The Bird

The Bird

Anne is discreet. Secretive. She is a mystery to herself. Anne does without love. She feels no emotions. It suits her fine. Anne has been through an ordeal, not lost her mind. She has put herself in quarantine. Anne is making her way back upstream, retracing the journey, taking things one at a time. Let us wait for her joy to come back. 2.9 out of 5 based on 10 reviews
The Bird

Omniscore:

Certificate
Genre Drama
Director Yves Caumon
Cast Sandrine Kiberlain, Alice Belaïdi, Serge Riaboukine
Studio Picturehouses
Release Date August 2012
Running Time 90 mins
 

Anne is discreet. Secretive. She is a mystery to herself. Anne does without love. She feels no emotions. It suits her fine. Anne has been through an ordeal, not lost her mind. She has put herself in quarantine. Anne is making her way back upstream, retracing the journey, taking things one at a time. Let us wait for her joy to come back.

Reviews

The Independent

Anthony Quinn

Caumon's camera stays close to his star, looking for clues in her seldom-changing expression and almost wincing at the way she rebuffs every opportunity to connect.

17/08/2012

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Total Film

Tom Dawson

Taking its title from the pigeon that nestles behind the wall of Anne’s apartment, this thoughtful film is modest in scope, but remains quietly moving in its portrayal of both nature and the transience of human feelings.

06/08/2012

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The Observer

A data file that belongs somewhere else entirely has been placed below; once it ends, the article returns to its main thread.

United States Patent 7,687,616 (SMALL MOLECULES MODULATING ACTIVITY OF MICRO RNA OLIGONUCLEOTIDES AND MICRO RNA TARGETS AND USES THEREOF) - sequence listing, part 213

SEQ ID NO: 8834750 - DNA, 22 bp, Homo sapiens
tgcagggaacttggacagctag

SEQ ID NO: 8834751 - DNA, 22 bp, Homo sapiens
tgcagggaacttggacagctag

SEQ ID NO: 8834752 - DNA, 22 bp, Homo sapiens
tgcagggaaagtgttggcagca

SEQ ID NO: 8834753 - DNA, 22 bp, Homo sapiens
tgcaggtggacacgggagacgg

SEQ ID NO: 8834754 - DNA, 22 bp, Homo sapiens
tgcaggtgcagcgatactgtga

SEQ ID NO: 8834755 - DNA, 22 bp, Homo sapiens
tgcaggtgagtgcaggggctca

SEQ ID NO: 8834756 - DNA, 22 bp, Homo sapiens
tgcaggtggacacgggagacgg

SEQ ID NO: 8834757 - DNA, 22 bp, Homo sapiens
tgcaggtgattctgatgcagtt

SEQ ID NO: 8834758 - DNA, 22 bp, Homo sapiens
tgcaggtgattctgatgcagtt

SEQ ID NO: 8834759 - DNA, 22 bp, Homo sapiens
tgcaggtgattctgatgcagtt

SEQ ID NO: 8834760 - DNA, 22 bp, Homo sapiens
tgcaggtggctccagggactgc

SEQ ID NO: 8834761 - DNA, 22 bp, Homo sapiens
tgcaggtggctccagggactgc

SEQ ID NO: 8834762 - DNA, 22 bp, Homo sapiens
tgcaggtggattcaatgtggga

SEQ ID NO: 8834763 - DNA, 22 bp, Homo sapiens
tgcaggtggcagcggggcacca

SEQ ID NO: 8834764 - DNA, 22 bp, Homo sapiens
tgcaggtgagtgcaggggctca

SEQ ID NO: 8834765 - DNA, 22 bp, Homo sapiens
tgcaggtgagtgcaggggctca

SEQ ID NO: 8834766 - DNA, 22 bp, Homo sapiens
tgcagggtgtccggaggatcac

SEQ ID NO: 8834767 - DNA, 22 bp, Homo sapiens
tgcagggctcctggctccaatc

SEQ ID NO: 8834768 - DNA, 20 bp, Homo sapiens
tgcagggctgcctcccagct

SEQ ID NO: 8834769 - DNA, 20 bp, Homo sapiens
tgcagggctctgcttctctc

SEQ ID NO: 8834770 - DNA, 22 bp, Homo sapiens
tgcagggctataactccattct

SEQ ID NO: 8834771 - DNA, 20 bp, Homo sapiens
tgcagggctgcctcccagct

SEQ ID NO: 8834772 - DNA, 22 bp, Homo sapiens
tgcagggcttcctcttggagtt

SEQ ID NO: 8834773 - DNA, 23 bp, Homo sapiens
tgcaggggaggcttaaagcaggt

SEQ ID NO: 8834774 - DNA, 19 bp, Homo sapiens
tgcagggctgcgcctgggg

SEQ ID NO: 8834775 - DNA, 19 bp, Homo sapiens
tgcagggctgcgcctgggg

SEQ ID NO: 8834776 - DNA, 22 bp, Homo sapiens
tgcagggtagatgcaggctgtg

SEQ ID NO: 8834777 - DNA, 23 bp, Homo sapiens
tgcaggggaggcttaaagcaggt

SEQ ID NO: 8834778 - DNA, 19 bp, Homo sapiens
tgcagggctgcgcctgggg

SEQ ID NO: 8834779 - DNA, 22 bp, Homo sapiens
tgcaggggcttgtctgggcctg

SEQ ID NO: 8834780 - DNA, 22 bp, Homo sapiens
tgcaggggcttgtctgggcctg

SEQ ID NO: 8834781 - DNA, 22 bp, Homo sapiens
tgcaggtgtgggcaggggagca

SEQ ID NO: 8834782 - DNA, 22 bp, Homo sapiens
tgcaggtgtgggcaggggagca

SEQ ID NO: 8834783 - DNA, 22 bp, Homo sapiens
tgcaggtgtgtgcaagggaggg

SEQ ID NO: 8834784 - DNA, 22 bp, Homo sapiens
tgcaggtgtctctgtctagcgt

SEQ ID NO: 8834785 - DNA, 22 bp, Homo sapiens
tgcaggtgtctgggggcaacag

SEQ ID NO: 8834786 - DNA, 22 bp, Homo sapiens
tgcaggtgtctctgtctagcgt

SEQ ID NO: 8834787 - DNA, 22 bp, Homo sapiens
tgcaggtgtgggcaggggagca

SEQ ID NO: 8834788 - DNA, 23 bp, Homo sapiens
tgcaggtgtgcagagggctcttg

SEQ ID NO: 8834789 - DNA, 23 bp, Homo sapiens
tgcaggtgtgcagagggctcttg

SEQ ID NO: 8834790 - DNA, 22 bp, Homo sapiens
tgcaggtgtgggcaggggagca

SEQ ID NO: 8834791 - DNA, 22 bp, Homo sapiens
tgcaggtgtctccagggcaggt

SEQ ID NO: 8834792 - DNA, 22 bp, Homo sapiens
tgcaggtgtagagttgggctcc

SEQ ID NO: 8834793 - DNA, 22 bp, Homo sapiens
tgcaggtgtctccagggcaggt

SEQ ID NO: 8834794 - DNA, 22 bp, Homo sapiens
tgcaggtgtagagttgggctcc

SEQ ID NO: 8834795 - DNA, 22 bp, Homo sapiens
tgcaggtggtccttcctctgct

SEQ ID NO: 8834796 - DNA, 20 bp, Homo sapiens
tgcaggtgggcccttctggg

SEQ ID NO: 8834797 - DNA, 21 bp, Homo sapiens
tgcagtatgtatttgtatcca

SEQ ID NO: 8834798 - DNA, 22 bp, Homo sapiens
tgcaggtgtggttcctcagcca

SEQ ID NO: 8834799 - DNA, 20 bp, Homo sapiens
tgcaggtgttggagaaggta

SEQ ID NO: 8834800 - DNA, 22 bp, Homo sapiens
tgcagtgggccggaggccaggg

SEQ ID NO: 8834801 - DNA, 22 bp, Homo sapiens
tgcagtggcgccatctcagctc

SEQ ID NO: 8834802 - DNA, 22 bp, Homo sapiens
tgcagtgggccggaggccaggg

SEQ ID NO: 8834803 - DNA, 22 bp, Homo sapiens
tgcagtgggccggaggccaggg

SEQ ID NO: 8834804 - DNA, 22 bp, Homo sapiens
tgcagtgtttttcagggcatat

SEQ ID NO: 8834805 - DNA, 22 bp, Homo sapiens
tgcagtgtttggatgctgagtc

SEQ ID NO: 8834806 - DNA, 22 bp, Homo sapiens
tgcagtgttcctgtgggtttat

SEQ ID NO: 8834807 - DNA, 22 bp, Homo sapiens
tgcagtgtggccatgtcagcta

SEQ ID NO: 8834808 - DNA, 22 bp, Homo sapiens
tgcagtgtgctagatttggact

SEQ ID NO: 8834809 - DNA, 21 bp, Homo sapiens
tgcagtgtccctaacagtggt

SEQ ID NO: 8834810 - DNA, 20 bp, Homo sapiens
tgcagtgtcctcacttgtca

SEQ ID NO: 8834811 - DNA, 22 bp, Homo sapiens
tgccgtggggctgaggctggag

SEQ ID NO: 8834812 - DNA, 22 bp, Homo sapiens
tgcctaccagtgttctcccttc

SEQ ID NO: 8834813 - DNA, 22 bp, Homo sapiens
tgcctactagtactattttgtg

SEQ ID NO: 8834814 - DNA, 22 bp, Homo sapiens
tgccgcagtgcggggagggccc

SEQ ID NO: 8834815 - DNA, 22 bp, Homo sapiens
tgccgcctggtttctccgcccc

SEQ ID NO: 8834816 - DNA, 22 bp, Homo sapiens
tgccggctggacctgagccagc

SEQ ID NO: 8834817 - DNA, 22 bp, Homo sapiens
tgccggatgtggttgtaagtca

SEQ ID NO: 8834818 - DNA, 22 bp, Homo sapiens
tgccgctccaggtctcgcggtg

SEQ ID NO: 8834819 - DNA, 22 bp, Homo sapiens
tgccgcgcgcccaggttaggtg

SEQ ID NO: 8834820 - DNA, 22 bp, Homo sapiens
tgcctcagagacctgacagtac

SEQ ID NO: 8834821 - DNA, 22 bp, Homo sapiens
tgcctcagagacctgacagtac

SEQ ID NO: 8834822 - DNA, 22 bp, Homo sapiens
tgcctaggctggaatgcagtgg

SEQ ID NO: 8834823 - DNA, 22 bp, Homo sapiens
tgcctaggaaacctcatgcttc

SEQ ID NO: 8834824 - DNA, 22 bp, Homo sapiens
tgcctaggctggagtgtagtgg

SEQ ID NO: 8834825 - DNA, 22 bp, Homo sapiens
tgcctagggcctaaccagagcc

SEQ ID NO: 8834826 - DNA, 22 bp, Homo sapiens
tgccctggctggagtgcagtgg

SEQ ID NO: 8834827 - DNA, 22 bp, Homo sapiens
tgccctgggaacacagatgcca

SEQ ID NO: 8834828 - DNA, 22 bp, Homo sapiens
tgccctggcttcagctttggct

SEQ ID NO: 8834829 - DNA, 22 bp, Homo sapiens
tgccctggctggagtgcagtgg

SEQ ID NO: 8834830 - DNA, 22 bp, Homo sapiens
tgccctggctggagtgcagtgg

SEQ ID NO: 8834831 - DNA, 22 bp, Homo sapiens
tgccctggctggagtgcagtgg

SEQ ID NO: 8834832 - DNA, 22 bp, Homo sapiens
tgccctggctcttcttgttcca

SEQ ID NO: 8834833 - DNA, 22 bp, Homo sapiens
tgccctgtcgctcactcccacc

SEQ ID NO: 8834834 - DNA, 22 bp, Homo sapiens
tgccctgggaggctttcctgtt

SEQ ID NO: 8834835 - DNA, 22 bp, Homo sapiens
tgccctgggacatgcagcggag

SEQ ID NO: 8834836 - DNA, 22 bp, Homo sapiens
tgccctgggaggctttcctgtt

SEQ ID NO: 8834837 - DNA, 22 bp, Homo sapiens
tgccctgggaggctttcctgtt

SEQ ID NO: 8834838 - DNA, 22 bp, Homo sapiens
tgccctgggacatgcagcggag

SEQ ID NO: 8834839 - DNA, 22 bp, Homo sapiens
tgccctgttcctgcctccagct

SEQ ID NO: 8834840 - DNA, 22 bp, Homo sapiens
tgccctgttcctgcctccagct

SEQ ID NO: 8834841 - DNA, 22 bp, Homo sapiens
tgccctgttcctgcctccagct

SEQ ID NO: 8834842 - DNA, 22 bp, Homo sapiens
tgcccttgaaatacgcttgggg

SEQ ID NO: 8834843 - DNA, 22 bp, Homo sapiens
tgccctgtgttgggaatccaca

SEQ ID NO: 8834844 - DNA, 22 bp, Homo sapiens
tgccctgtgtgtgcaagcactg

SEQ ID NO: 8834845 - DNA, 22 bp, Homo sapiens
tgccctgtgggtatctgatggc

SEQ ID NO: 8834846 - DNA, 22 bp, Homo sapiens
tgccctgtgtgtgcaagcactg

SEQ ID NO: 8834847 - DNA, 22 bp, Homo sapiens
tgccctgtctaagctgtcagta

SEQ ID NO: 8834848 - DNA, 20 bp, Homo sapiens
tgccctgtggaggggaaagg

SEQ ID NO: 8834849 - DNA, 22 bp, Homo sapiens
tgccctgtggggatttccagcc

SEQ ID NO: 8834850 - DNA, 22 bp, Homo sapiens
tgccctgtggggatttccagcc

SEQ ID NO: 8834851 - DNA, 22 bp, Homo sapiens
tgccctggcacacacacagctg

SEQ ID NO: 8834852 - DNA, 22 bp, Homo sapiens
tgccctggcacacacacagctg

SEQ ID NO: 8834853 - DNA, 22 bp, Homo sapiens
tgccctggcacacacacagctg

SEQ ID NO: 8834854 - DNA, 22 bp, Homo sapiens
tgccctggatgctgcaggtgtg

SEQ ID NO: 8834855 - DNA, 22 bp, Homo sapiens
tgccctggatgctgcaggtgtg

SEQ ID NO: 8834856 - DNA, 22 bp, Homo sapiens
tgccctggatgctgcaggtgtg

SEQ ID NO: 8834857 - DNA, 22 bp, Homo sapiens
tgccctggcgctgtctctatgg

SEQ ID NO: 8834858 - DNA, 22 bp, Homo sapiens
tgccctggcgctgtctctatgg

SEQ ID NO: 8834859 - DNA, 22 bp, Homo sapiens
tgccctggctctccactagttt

Philip French

When Anne goes for a big weep at the cinema, she has the good taste to see Mizoguchi's The Life of Oharu, one of the greatest films about a woman suffering the slings and arrows of outrageous fortune in silence.

19/08/2012

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Time Out

Cath Clarke

Anne, it emerges, is numbed by grief, and Kiberlain’s subtle performance is poignant: when the worst thing you can imagine happens, how do you go on living? It’s plausibly handled, except for the bird of the title – a pigeon Anne takes care of after it flaps into her flat. Surely a more realistic response would be to reach for a heavy-duty broom handle.

15/08/2012

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The Times

Wendy Ide

The sort of film that rests entirely on one performance. And when that performance is as internalised and subdued as this it can add up to quite a challenging viewing experience. But although it requires an investment by the viewer, there is a subtle sensitivity to the storytelling that is quietly affecting.

17/08/2012

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Empire Magazine

David Parkinson

Sometimes calculatingly low-key, but a deceptive wit compensates.

13/08/2012

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The Guardian

Peter Bradshaw

Caumon cleverly suggests an ambiguity: is the bird a symbol of life and hope – or its opposite, merely the disquieting sign of verminous decay and deterioriation, as Anne's life gradually becomes a ruin? Caumon allows the film to unspool calmly, gently and unexpectedly hopefully to its conclusion.

16/08/2012

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The Financial Times

Leo Robson

Sandrine Kiberlain, who appears in all but one scene, has deep sad eyes, but the film is less interested in expressiveness than atmospherics, especially the atmosphere offered by drift and quiet. Writer-director Yves Caumon isn’t the first to show that trying to follow the Eric Rohmer recipe is no good if you lack the secret ingredient. Call it grace.

16/08/2012

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The Daily Telegraph

Tim Robey

The habitual impassivity of leading lady Sandrine Kiberlain is ploddingly apt in her role as an aloof restaurant worker, while director Yves Caumon takes a striptease approach to explaining her damage.

16/08/2012

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The Sunday Times

Cosmo Landesman

It avoids being boring, but for all its French bleakness, it’s a touch corny.

19/08/2012

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